Rear View Mirror Reflections From The Steering Committee
In 1998, Dan Mica was relatively new not just to CUNA but to credit unions AFCU President Ken Robinson, now retired, was a long-time veteran of the group that has been a rival to CUNA for even longer. But both were thrown together by events of the time and the threat to credit unions in the courts in Congress.
Below is the last installment in a four-part series highlighting the recollections of those involved in the Campaign for Consumer Choice as the Credit Union Membership Access Act marks its fifth anniversary.
1. What strikes you most as you look at where credit unions are now versus five years ago?
Robinson: Five years ago was a very worrisome time for credit unions CUA was plowing new ground for fields of membership but application and approval procedures were awkward and not easily understood; we had lost our case before the Supreme Court and didn't know if NCUA's new field of membership procedures would be invalidated; we had trouble finding members of Congress who would co-sponsor our bill and we had no accurate sense of how much or strong our support was in Congress. On a larger scale the Congress and public was still smarting and leery of financial institutions because of s&l-bank failures in the late 80s and early 90s ow all of those worries have passed.
Today there is a high degree of awareness of credit unions, and the purpose they serve, in the public as well as in the administration and in the Congress. Today both the Federal Reserve and the Treasury Department accord credit unions a much bigger role in the national economy and payment systems than they used to. And credit unions have a much broader menu of services and products to meet the needs of members. Business confidence, acumen and acceptance by the public is much higher today than five years ago.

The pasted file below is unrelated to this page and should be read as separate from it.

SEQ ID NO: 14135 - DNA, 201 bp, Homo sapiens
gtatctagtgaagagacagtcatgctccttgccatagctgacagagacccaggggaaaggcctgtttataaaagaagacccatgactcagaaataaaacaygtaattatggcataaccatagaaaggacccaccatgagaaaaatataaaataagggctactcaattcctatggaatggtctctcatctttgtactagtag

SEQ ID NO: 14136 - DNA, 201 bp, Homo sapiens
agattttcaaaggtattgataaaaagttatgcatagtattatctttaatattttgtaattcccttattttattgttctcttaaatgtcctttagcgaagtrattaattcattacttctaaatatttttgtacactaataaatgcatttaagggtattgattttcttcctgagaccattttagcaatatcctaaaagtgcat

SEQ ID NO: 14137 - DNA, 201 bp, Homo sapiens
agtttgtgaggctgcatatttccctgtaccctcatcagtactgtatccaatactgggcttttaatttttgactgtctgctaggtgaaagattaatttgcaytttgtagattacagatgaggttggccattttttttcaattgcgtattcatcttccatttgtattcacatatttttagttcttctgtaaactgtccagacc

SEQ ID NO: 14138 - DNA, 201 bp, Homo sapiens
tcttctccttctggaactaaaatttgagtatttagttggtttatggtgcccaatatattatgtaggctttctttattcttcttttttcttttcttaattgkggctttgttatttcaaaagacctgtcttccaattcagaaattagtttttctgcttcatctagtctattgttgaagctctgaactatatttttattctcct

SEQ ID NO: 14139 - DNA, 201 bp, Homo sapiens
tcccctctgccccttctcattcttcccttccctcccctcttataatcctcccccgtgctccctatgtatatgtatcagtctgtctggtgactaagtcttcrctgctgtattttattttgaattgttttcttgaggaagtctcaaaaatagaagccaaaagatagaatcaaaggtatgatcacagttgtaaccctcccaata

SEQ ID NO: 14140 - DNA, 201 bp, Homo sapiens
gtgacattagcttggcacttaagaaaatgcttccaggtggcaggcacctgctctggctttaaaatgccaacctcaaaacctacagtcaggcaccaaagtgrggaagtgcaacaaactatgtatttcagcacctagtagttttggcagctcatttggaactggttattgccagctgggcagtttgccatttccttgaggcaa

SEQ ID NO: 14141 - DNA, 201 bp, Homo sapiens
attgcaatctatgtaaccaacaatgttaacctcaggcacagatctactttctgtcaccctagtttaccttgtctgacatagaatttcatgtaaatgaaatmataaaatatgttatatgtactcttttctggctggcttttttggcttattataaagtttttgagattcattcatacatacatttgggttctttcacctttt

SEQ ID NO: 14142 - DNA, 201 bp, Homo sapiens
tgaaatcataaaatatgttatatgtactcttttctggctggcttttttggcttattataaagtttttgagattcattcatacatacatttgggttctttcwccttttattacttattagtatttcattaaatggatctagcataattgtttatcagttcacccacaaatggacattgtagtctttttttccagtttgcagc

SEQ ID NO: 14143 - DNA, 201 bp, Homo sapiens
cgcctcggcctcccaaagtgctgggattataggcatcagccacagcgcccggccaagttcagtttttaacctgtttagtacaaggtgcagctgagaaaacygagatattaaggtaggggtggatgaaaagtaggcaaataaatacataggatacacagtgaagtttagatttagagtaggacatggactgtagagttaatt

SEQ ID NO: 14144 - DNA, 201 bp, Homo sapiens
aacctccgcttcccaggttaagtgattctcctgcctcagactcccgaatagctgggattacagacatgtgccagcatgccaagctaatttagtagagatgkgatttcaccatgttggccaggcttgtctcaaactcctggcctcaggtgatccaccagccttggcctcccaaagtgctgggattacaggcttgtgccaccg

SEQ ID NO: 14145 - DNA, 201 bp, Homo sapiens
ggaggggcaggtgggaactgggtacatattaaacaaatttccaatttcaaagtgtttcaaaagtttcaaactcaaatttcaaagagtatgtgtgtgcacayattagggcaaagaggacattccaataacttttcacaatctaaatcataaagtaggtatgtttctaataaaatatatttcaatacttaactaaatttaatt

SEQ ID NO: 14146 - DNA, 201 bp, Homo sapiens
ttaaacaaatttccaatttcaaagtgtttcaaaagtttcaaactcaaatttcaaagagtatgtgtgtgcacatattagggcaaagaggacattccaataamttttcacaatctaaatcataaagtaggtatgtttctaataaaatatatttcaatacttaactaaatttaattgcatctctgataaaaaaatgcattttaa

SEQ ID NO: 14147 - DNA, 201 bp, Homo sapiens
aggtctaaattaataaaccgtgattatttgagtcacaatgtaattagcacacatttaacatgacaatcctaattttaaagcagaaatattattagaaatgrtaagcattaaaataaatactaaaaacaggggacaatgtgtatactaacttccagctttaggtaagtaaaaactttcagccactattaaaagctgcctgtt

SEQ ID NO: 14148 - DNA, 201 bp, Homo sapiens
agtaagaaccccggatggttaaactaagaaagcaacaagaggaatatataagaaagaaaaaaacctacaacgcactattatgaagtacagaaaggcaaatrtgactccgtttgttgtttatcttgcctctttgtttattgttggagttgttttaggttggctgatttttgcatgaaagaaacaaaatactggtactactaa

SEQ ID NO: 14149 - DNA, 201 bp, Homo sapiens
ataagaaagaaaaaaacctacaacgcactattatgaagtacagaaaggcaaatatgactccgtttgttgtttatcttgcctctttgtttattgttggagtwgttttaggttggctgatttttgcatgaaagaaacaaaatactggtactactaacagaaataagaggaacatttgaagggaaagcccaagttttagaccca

Mica: I have often said that five years ago credit unions were a mile wide-but only an inch deep. What I meant was that credit unions had many willing hands to be lent to protecting our unique financial institutions, but those hands were somewhat inexperienced in dealing with the political realities of effectively protecting credit unions. Five years ago, CUNA vowed "never again." Our goal was to become a mile wide and a mile deep.
Today, I feel credit unions have made much progress. We may not be exactly a mile deep, but we are well on our way. The depth that we have achieved is attributable to the many programs and projects CUNA and the leagues have instituted over the last half decade-all in an effort to deepen the political effectiveness of credit unions.
Credit Union House, a joint project between CUNA and the various state credit union leagues, is the home of credit unions on Capitol Hill. During our struggle to pass HR 1151, we bounced from location to location to set up our headquarters to shepherd the bill through, first, the House, and then the Senate. We learned that we needed a permanent presence for future battles. So, we raised the money, we bought the land, we constructed the building from the ground up. In the fall of 2001, we opened the doors of Credit Union House-and CUs had a home on Capitol Hill.
Credit Union House serves as our base of operations for another program we started in the aftermath of HR 1151, designed to raise the profile of credit union people before Congress. Today, our Hike the Hill program maintains a regular drumbeat as credit union representatives travel to Washington-up to three times a year-to visit their members of Congress. This year, more than three-dozen states will be sending Hill hikers to Washington o longer are credit unions faceless in Washington.
We know that credit unions' ability to energize the grassroots- their memberships-was a key factor of success in HR 1151. That hasn't been lost on us. But strong grassroots has be to combined with strong political programs-and we have used the last five years to build a solid foundation of a well-operating political program. Today, working through the leagues in partnership with many CUNA programs, credit unions are more energized than ever:
* Our PAC has grown three-fold in the last five years, becoming one of the top 20 in the nation.
Through programs such as "key contacts" credit union representatives develop long-term, helpful relationships with their federal legislators.
* Our "Project Differentiation" program demonstrates the unique contribution to the financial services system made by credit unions by outlining-in writing- just how credit unions serve their members and communities. Today, more than 1,300 credit unions are involved.